Rahul Deshpande was fed up with his 9-to-5 job as a software engineer. He wasn’t seeing any growth at the multi-billion-dollar tech company he had been working for since 2018. The 24-year-old craved a heady, frenzied startup work environment. But he had absolutely no idea how to get started. And he didn’t have the money, time or inclination to give the CAT CAT Common Admission Test The Common Admission Test is a computer based test for admission in a graduate management programs exam and chase a coveted MBA seat.
Then, about 12 months ago, Deshpande discovered Stoa School, which offers a 24-week, all-inclusive MBA boot camp. In July, he quit his job after successfully applying for the online course. “It’s very hard for someone like me to transition into the startup ecosystem. From the very first interview with Stoa, I liked that they were focused on getting me into a startup,” he says.
Deshpande’s career limbo is a common arc for young professionals in India, says Aditya Kulkarni, one of the four co-founders of Stoa. There’s no easy access to business education, while career transitions or securing higher-paying roles within the same company is difficult. “The business of business education is broken,” quips Kulkarni, on a Zoom call with The Ken.
This is only one of several quips that Stoa has packaged into marketing material for its near-omniscient social media presence. It’s been exactly a year since Stoa burst onto the Twitter-verse, with its promise to impart business school fundamentals at 1/10th the Rs 25-40 lakh (US$33,000-53,000) price tag of top- and mid-tier MBA schools.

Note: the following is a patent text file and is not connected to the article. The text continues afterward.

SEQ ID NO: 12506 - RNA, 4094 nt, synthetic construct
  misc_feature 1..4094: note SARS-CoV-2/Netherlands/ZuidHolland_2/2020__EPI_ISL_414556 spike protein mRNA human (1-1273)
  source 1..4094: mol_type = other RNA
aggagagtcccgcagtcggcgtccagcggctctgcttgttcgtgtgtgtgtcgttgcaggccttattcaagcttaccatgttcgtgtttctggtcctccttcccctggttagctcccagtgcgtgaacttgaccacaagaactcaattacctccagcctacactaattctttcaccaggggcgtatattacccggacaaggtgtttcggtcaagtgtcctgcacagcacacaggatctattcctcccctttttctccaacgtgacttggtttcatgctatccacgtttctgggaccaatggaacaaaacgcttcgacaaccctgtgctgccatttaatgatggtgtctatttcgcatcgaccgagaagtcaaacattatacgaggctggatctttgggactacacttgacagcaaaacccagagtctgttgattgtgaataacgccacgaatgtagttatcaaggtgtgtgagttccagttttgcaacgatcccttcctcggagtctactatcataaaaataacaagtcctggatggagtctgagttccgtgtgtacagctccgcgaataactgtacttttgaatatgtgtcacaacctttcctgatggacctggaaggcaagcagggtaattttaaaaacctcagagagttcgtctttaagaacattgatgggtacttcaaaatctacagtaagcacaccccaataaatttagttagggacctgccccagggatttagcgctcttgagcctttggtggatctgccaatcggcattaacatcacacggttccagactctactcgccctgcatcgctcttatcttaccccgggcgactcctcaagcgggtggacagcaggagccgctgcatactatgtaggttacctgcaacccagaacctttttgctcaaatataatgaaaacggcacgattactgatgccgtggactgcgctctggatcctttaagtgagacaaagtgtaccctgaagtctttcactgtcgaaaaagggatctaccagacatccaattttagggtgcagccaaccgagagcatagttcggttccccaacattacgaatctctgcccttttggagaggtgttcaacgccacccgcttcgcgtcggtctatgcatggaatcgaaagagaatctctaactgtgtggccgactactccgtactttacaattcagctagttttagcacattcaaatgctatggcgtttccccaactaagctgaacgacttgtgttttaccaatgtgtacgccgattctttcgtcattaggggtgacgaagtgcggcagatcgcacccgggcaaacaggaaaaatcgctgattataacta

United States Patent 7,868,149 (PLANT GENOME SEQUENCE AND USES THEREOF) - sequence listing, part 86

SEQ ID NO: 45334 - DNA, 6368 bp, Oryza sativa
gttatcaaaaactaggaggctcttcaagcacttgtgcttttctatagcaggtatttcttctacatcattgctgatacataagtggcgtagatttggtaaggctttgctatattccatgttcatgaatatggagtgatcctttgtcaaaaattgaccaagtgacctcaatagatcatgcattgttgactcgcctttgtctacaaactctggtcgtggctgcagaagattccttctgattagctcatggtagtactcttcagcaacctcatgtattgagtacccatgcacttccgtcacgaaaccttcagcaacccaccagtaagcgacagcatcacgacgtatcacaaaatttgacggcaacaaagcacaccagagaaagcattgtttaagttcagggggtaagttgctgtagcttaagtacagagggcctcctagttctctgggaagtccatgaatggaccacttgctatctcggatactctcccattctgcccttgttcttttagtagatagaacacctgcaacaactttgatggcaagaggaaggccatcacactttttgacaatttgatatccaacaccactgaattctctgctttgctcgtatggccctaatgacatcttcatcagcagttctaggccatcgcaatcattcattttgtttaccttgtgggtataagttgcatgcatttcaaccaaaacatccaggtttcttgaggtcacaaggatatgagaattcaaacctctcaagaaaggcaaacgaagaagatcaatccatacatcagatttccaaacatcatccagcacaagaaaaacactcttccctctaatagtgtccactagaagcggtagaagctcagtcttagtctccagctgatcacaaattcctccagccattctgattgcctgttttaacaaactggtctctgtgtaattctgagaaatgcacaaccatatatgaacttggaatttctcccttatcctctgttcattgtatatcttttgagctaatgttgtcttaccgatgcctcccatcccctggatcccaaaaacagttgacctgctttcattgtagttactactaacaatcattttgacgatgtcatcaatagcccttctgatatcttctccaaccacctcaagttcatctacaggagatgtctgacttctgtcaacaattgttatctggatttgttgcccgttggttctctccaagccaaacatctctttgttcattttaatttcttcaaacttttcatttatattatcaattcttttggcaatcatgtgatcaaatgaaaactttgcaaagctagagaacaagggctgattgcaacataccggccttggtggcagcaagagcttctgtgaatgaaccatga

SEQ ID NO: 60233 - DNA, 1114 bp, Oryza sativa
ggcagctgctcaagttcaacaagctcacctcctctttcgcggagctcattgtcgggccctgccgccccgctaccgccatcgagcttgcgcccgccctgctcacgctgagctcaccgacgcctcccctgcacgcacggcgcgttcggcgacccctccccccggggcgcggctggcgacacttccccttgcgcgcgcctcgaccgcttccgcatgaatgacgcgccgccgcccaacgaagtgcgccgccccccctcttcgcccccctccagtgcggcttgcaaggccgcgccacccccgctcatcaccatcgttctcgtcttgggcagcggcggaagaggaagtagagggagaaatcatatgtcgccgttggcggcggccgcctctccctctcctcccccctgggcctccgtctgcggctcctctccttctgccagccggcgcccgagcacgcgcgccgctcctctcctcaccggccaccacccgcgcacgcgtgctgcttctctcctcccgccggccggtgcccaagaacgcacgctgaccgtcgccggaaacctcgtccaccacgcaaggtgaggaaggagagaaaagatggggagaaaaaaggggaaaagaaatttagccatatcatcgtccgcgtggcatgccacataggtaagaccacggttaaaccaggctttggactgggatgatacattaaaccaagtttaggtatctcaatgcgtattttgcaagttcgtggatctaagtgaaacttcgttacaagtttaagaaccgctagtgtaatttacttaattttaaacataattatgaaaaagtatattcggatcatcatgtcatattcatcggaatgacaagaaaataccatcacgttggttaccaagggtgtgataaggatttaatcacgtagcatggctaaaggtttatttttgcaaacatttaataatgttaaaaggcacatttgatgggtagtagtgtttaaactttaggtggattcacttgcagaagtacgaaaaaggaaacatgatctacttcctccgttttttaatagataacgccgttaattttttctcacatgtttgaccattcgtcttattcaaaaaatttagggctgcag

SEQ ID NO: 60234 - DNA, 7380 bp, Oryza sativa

Stoa is now four batches or cohorts old and has graduated 100 Fellows from its StoaMBA programme. With a total of 300 Fellows, and a Rs 2.5 lakh (US$3,360) fee, a back-of-the-envelope calculation shows that its actual revenue would be close to Rs 7.5 crore (~US$1 million).
Kulkarni and his co-founders, Manoj Kambadur, Sharmad Kuvelkar and Raj Kunkolienkar, initially helped other entrepreneurs launch their own “learning communities”. That’s when they realised there were scores of people like Deshpande—new entrepreneurs, young or mid-career professionals, and fresh graduates—who had no idea what business education meant.
“When you’re on the outside, looking in, getting an MBA degree seems like voodoo. Voodoo in suits. Even for people in business roles like marketing or sales, without an MBA degree tag, there’s a huge imposter syndrome,” says Kunkolienkar. “Business education is not rocket science,” adds Kulkarni. “It’s about asking the right questions and knowing a few concepts. We’re demystifying it.”